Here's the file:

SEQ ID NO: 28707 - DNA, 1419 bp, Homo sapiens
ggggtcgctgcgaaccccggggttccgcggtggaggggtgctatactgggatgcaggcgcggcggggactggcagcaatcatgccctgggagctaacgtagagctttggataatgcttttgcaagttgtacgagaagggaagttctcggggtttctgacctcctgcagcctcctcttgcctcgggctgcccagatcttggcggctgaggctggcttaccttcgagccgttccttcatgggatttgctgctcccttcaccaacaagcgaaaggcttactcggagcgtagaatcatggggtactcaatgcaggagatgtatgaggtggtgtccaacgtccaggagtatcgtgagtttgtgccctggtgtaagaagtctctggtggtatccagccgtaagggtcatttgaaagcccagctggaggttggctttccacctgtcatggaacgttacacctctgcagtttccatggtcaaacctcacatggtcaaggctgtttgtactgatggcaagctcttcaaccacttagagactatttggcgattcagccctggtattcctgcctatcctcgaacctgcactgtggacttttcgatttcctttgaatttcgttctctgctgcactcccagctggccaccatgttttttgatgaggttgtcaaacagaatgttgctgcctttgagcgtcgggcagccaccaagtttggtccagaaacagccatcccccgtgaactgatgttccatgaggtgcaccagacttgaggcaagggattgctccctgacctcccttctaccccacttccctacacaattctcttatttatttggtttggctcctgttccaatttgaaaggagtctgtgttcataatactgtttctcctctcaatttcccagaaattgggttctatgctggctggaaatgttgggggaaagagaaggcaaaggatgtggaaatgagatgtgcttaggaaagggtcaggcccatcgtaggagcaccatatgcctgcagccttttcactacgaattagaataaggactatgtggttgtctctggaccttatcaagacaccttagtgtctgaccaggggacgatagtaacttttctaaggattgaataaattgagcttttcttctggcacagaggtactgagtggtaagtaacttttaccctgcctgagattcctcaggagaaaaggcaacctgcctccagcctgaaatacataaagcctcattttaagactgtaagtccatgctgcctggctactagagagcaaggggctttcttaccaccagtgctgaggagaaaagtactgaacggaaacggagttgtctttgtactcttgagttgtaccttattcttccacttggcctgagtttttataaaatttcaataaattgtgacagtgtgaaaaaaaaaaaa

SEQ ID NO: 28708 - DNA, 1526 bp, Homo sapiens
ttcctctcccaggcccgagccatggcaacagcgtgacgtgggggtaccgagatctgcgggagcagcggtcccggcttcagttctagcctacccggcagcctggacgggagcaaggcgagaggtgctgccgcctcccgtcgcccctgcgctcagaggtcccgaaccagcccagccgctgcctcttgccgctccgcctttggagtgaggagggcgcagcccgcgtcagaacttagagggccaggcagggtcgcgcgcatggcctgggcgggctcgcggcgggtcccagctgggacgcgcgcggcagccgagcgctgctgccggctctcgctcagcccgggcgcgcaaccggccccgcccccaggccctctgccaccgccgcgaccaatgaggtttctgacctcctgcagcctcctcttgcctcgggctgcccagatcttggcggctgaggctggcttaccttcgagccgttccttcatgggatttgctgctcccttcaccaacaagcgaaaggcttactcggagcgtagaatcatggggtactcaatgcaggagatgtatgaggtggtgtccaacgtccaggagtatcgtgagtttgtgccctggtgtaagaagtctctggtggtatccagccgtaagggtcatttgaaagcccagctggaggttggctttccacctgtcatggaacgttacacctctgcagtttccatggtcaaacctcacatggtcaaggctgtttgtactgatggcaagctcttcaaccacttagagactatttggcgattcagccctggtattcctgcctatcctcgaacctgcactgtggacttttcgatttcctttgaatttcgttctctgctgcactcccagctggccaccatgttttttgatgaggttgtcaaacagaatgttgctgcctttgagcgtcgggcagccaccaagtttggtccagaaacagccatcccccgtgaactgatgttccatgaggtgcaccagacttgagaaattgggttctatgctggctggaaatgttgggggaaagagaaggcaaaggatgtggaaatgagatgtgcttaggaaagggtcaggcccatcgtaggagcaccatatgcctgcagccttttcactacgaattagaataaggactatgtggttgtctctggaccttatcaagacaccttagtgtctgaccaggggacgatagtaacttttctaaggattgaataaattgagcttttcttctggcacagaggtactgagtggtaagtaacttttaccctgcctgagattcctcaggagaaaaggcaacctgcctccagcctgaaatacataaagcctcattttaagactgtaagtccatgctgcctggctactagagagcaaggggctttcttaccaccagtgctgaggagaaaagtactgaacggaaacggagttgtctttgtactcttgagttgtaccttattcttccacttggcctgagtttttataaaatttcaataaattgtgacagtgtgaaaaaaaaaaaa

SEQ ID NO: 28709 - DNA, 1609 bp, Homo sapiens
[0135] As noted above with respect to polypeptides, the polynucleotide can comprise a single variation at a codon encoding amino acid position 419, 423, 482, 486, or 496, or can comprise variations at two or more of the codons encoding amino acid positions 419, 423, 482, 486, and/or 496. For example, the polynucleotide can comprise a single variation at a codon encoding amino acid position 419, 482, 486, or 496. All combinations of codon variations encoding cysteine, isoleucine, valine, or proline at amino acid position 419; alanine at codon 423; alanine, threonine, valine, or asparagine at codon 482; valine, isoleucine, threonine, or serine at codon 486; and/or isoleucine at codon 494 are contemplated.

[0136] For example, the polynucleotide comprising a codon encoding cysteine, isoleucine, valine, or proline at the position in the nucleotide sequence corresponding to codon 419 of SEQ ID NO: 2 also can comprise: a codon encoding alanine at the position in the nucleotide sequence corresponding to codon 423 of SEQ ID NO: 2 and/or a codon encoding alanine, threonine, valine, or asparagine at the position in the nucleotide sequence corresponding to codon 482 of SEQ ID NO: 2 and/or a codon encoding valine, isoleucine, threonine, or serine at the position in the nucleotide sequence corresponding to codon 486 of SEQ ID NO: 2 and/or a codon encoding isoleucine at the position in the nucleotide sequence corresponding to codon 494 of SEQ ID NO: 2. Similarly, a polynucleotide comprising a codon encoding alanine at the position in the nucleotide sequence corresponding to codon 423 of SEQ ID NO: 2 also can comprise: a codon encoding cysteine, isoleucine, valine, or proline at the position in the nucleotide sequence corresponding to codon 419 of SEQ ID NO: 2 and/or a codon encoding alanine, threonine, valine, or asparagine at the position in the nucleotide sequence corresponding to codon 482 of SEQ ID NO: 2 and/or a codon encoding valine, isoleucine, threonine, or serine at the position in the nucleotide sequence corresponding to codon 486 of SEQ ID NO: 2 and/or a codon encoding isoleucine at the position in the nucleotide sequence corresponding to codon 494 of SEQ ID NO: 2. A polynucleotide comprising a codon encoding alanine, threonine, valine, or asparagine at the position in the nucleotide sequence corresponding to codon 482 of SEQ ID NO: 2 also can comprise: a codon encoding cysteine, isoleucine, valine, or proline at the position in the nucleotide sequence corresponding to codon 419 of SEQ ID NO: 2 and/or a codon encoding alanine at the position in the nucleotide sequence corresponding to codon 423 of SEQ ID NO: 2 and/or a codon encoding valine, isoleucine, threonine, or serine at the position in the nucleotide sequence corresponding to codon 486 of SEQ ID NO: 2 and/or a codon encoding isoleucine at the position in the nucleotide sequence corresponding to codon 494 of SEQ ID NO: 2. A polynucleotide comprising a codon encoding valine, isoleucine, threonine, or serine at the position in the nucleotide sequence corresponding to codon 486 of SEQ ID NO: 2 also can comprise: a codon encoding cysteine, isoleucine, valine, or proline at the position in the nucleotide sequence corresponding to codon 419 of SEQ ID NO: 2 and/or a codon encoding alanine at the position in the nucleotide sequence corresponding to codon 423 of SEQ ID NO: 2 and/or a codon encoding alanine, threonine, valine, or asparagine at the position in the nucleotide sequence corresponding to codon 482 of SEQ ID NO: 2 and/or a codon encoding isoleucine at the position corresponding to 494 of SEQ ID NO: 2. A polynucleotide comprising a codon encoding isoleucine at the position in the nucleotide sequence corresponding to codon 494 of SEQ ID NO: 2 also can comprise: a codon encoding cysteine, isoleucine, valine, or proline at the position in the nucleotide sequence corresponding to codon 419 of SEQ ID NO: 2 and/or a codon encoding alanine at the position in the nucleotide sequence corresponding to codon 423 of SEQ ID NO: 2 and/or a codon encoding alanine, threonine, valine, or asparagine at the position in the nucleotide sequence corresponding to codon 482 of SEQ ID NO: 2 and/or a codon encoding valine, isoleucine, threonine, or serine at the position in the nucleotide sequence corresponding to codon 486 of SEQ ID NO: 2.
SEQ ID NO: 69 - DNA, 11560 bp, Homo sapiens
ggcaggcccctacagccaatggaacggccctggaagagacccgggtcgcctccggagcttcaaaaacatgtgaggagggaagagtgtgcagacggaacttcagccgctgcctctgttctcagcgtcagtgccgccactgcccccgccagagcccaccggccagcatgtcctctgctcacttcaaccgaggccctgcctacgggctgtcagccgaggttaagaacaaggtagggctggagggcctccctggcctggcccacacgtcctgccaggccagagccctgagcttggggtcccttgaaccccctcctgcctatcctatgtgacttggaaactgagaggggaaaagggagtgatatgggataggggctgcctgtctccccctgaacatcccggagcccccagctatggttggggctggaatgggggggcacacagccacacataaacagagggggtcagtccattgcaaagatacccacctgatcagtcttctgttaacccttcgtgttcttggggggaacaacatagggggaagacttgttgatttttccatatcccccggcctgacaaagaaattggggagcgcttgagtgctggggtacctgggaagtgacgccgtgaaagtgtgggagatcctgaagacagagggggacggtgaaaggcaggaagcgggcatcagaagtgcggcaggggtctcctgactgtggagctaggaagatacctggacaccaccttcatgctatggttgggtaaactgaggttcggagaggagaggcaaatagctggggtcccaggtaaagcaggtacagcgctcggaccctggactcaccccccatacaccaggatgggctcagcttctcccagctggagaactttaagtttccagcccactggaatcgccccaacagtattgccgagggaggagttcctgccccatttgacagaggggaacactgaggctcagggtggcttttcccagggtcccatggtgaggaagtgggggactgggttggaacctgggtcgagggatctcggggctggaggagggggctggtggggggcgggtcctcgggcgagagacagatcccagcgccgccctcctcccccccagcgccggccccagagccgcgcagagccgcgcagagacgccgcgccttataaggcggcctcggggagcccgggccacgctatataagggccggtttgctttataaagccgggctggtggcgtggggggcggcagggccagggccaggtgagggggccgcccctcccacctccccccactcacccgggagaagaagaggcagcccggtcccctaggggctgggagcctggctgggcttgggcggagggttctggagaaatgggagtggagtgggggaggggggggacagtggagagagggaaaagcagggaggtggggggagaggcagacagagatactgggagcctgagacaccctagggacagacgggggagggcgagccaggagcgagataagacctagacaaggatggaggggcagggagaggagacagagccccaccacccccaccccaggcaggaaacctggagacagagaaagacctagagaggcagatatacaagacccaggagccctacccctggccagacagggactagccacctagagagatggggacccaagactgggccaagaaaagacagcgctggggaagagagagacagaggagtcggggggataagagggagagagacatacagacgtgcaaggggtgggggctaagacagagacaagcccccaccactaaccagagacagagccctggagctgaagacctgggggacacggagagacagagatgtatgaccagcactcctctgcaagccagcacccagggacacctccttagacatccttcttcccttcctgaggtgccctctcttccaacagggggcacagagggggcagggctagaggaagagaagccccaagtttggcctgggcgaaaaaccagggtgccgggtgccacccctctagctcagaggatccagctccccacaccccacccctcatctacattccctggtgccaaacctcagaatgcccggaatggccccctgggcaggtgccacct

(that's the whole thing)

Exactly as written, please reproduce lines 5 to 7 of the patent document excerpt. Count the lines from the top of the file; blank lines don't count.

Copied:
SEQ ID NO: 28709 - DNA, 1609 bp, Homo sapiens
[0135] As noted above with respect to polypeptides, the polynucleotide can comprise a single variation at a codon encoding amino acid position 419, 423, 482, 486, or 496, or can comprise variations at two or more of the codons encoding amino acid positions 419, 423, 482, 486, and/or 496. For example, the polynucleotide can comprise a single variation at a codon encoding amino acid position 419, 482, 486, or 496. All combinations of codon variations encoding cysteine, isoleucine, valine, or proline at amino acid position 419; alanine at codon 423; alanine, threonine, valine, or asparagine at codon 482; valine, isoleucine, threonine, or serine at codon 486; and/or isoleucine at codon 494 are contemplated.

[0136] For example, the polynucleotide comprising a codon encoding cysteine, isoleucine, valine, or proline at the position in the nucleotide sequence corresponding to codon 419 of SEQ ID NO: 2 also can comprise: a codon encoding alanine at the position in the nucleotide sequence corresponding to codon 423 of SEQ ID NO: 2 and/or a codon encoding alanine, threonine, valine, or asparagine at the position in the nucleotide sequence corresponding to codon 482 of SEQ ID NO: 2 and/or a codon encoding valine, isoleucine, threonine, or serine at the position in the nucleotide sequence corresponding to codon 486 of SEQ ID NO: 2 and/or a codon encoding isoleucine at the position in the nucleotide sequence corresponding to codon 494 of SEQ ID NO: 2. Similarly, a polynucleotide comprising a codon encoding alanine at the position in the nucleotide sequence corresponding to codon 423 of SEQ ID NO: 2 also can comprise: a codon encoding cysteine, isoleucine, valine, or proline at the position in the nucleotide sequence corresponding to codon 419 of SEQ ID NO: 2 and/or a codon encoding alanine, threonine, valine, or asparagine at the position in the nucleotide sequence corresponding to codon 482 of SEQ ID NO: 2 and/or a codon encoding valine, isoleucine, threonine, or serine at the position in the nucleotide sequence corresponding to codon 486 of SEQ ID NO: 2 and/or a codon encoding isoleucine at the position in the nucleotide sequence corresponding to codon 494 of SEQ ID NO: 2. A polynucleotide comprising a codon encoding alanine, threonine, valine, or asparagine at the position in the nucleotide sequence corresponding to codon 482 of SEQ ID NO: 2 also can comprise: a codon encoding cysteine, isoleucine, valine, or proline at the position in the nucleotide sequence corresponding to codon 419 of SEQ ID NO: 2 and/or a codon encoding alanine at the position in the nucleotide sequence corresponding to codon 423 of SEQ ID NO: 2 and/or a codon encoding valine, isoleucine, threonine, or serine at the position in the nucleotide sequence corresponding to codon 486 of SEQ ID NO: 2 and/or a codon encoding isoleucine at the position in the nucleotide sequence corresponding to codon 494 of SEQ ID NO: 2. A polynucleotide comprising a codon encoding valine, isoleucine, threonine, or serine at the position in the nucleotide sequence corresponding to codon 486 of SEQ ID NO: 2 also can comprise: a codon encoding cysteine, isoleucine, valine, or proline at the position in the nucleotide sequence corresponding to codon 419 of SEQ ID NO: 2 and/or a codon encoding alanine at the position in the nucleotide sequence corresponding to codon 423 of SEQ ID NO: 2 and/or a codon encoding alanine, threonine, valine, or asparagine at the position in the nucleotide sequence corresponding to codon 482 of SEQ ID NO: 2 and/or a codon encoding isoleucine at the position corresponding to 494 of SEQ ID NO: 2. A polynucleotide comprising a codon encoding isoleucine at the position in the nucleotide sequence corresponding to codon 494 of SEQ ID NO: 2 also can comprise: a codon encoding cysteine, isoleucine, valine, or proline at the position in the nucleotide sequence corresponding to codon 419 of SEQ ID NO: 2 and/or a codon encoding alanine at the position in the nucleotide sequence corresponding to codon 423 of SEQ ID NO: 2 and/or a codon encoding alanine, threonine, valine, or asparagine at the position in the nucleotide sequence corresponding to codon 482 of SEQ ID NO: 2 and/or a codon encoding valine, isoleucine, threonine, or serine at the position in the nucleotide sequence corresponding to codon 486 of SEQ ID NO: 2.